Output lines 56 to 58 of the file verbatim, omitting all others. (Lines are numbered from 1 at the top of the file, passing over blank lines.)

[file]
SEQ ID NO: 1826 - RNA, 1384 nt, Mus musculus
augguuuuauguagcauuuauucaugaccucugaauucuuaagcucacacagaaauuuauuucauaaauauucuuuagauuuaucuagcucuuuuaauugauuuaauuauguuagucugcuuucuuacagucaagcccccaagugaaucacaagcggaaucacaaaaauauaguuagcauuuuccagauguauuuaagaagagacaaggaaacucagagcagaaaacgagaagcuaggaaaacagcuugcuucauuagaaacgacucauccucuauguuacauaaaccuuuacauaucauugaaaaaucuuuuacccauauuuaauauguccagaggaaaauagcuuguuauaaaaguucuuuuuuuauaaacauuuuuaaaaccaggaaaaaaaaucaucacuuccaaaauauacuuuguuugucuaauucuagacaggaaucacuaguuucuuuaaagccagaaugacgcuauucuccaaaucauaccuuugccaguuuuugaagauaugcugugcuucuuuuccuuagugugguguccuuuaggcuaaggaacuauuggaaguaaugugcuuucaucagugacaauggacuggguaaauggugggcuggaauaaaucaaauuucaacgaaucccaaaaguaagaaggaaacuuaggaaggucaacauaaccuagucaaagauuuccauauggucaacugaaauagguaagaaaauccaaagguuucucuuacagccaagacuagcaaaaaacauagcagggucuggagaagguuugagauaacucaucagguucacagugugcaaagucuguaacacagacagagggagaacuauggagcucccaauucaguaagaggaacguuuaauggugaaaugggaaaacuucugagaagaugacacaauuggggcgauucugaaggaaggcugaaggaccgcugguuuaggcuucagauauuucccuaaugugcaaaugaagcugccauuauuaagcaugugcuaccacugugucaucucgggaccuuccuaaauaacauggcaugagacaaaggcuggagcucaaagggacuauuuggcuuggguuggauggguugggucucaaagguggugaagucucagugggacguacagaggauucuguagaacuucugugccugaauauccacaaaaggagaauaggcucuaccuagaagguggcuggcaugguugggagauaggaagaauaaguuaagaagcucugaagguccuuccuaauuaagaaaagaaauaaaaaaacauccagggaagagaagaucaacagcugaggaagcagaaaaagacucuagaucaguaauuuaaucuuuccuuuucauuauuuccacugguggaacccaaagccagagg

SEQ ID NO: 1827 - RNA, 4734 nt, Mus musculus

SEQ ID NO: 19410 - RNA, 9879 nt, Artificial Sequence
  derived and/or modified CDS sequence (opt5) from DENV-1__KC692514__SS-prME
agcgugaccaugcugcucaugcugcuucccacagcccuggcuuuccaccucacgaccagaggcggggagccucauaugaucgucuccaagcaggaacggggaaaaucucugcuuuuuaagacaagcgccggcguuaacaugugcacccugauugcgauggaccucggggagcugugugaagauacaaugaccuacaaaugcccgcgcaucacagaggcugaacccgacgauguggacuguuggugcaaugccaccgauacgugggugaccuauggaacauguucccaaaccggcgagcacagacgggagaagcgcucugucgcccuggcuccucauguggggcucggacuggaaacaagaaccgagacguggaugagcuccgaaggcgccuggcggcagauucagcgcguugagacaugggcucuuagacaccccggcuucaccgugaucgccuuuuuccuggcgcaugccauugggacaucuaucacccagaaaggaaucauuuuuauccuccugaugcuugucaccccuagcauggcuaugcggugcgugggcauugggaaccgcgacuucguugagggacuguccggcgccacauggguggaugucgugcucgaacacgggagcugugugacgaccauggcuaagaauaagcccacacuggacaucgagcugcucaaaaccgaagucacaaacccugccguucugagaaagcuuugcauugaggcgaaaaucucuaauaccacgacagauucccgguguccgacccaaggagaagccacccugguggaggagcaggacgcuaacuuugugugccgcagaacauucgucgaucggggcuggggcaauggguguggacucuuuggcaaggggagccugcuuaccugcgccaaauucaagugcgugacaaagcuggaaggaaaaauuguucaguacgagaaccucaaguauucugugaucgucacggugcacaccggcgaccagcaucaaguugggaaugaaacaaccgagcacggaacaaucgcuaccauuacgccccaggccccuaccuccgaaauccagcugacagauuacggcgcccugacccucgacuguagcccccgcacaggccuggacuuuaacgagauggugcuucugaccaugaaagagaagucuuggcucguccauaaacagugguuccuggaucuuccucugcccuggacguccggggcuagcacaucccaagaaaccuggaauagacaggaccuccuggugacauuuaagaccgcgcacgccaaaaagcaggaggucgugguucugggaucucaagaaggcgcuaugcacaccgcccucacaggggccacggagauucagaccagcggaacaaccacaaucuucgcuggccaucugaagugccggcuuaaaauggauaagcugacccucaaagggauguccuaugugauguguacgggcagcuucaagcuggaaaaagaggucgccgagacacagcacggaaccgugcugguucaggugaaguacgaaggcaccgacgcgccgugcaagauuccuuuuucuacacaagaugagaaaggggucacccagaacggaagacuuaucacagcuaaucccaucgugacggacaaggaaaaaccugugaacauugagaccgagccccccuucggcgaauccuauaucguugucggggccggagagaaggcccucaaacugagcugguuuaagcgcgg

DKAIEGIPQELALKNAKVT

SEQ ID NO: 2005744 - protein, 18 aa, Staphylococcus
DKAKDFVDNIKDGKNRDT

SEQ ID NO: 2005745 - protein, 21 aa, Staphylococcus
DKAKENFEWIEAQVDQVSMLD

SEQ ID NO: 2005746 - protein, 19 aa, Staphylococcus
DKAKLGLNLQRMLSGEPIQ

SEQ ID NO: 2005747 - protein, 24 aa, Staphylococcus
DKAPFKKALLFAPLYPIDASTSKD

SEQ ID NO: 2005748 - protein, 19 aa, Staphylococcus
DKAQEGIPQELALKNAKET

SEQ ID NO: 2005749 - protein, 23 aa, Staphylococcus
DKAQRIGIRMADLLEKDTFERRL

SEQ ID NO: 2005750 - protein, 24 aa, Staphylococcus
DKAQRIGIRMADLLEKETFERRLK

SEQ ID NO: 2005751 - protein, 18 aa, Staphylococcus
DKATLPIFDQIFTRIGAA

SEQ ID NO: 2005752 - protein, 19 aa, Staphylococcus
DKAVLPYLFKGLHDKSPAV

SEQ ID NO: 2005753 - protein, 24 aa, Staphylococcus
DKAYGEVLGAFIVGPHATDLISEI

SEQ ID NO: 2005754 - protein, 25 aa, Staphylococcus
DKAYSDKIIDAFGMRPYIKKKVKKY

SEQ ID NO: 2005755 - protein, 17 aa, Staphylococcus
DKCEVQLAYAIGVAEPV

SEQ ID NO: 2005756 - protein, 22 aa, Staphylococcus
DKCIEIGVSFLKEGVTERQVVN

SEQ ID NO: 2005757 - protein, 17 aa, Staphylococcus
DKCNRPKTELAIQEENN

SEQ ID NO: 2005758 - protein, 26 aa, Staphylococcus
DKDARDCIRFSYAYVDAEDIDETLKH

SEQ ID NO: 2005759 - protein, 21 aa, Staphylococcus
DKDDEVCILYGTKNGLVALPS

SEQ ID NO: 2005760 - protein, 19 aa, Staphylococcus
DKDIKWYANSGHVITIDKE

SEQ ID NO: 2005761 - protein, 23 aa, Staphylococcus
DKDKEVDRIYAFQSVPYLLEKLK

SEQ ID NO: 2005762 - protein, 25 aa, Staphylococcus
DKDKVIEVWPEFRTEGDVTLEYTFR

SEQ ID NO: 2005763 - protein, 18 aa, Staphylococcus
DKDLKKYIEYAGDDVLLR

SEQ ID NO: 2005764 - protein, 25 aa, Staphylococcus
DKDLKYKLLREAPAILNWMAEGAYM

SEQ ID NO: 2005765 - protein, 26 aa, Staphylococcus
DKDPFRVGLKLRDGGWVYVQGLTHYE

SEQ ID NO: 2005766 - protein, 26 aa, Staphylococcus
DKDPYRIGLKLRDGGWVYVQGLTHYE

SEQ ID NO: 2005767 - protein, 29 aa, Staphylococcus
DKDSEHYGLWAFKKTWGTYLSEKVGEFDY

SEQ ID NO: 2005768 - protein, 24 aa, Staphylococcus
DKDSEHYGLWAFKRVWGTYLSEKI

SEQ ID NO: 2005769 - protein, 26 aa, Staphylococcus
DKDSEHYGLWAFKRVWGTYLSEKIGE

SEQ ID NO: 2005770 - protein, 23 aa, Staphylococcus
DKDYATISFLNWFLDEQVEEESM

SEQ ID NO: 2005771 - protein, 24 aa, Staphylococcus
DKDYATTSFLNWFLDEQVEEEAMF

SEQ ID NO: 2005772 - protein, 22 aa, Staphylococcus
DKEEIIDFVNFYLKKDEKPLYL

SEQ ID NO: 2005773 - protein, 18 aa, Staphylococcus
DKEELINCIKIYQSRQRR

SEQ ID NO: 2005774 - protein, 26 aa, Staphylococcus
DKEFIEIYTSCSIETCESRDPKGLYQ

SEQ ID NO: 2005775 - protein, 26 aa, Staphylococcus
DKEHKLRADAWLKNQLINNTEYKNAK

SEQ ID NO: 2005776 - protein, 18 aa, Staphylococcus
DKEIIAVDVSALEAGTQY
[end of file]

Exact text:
SEQ ID NO: 2005768 - protein, 24 aa, Staphylococcus
DKDSEHYGLWAFKRVWGTYLSEKI

SEQ ID NO: 2005769 - protein, 26 aa, Staphylococcus